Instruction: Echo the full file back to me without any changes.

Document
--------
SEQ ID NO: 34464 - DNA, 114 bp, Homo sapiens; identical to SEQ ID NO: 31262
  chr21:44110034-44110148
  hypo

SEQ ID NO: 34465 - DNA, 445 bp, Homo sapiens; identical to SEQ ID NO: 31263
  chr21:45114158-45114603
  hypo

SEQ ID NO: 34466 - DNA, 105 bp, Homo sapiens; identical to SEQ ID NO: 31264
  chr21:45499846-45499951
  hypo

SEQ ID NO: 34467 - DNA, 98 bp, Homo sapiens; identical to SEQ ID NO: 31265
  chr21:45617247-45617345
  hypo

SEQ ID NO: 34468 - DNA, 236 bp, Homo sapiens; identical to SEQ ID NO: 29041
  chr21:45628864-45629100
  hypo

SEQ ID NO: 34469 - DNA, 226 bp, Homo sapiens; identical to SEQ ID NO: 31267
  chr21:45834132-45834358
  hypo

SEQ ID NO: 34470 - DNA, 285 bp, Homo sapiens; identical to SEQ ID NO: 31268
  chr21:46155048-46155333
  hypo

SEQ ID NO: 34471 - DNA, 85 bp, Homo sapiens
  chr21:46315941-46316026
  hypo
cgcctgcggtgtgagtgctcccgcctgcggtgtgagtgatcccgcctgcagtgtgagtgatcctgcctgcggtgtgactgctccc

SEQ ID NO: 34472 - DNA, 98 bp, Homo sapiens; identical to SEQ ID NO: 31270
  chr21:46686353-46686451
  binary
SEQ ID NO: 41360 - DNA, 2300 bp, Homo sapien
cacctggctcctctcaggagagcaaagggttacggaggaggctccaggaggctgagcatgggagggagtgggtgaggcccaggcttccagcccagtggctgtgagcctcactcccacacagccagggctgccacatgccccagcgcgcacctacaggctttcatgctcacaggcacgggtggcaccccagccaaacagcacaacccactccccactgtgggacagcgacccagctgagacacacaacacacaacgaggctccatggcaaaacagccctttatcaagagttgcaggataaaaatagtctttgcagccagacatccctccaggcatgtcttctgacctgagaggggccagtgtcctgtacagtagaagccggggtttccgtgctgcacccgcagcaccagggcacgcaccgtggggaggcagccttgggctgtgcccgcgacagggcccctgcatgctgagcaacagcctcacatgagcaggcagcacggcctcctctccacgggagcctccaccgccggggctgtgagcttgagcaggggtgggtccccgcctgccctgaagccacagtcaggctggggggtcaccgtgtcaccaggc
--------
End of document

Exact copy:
SEQ ID NO: 34464 - DNA, 114 bp, Homo sapiens; identical to SEQ ID NO: 31262
  chr21:44110034-44110148
  hypo

SEQ ID NO: 34465 - DNA, 445 bp, Homo sapiens; identical to SEQ ID NO: 31263
  chr21:45114158-45114603
  hypo

SEQ ID NO: 34466 - DNA, 105 bp, Homo sapiens; identical to SEQ ID NO: 31264
  chr21:45499846-45499951
  hypo

SEQ ID NO: 34467 - DNA, 98 bp, Homo sapiens; identical to SEQ ID NO: 31265
  chr21:45617247-45617345
  hypo

SEQ ID NO: 34468 - DNA, 236 bp, Homo sapiens; identical to SEQ ID NO: 29041
  chr21:45628864-45629100
  hypo

SEQ ID NO: 34469 - DNA, 226 bp, Homo sapiens; identical to SEQ ID NO: 31267
  chr21:45834132-45834358
  hypo

SEQ ID NO: 34470 - DNA, 285 bp, Homo sapiens; identical to SEQ ID NO: 31268
  chr21:46155048-46155333
  hypo

SEQ ID NO: 34471 - DNA, 85 bp, Homo sapiens
  chr21:46315941-46316026
  hypo
cgcctgcggtgtgagtgctcccgcctgcggtgtgagtgatcccgcctgcagtgtgagtgatcctgcctgcggtgtgactgctccc

SEQ ID NO: 34472 - DNA, 98 bp, Homo sapiens; identical to SEQ ID NO: 31270
  chr21:46686353-46686451
  binary
SEQ ID NO: 41360 - DNA, 2300 bp, Homo sapien
cacctggctcctctcaggagagcaaagggttacggaggaggctccaggaggctgagcatgggagggagtgggtgaggcccaggcttccagcccagtggctgtgagcctcactcccacacagccagggctgccacatgccccagcgcgcacctacaggctttcatgctcacaggcacgggtggcaccccagccaaacagcacaacccactccccactgtgggacagcgacccagctgagacacacaacacacaacgaggctccatggcaaaacagccctttatcaagagttgcaggataaaaatagtctttgcagccagacatccctccaggcatgtcttctgacctgagaggggccagtgtcctgtacagtagaagccggggtttccgtgctgcacccgcagcaccagggcacgcaccgtggggaggcagccttgggctgtgcccgcgacagggcccctgcatgctgagcaacagcctcacatgagcaggcagcacggcctcctctccacgggagcctccaccgccggggctgtgagcttgagcaggggtgggtccccgcctgccctgaagccacagtcaggctggggggtcaccgtgtcaccaggc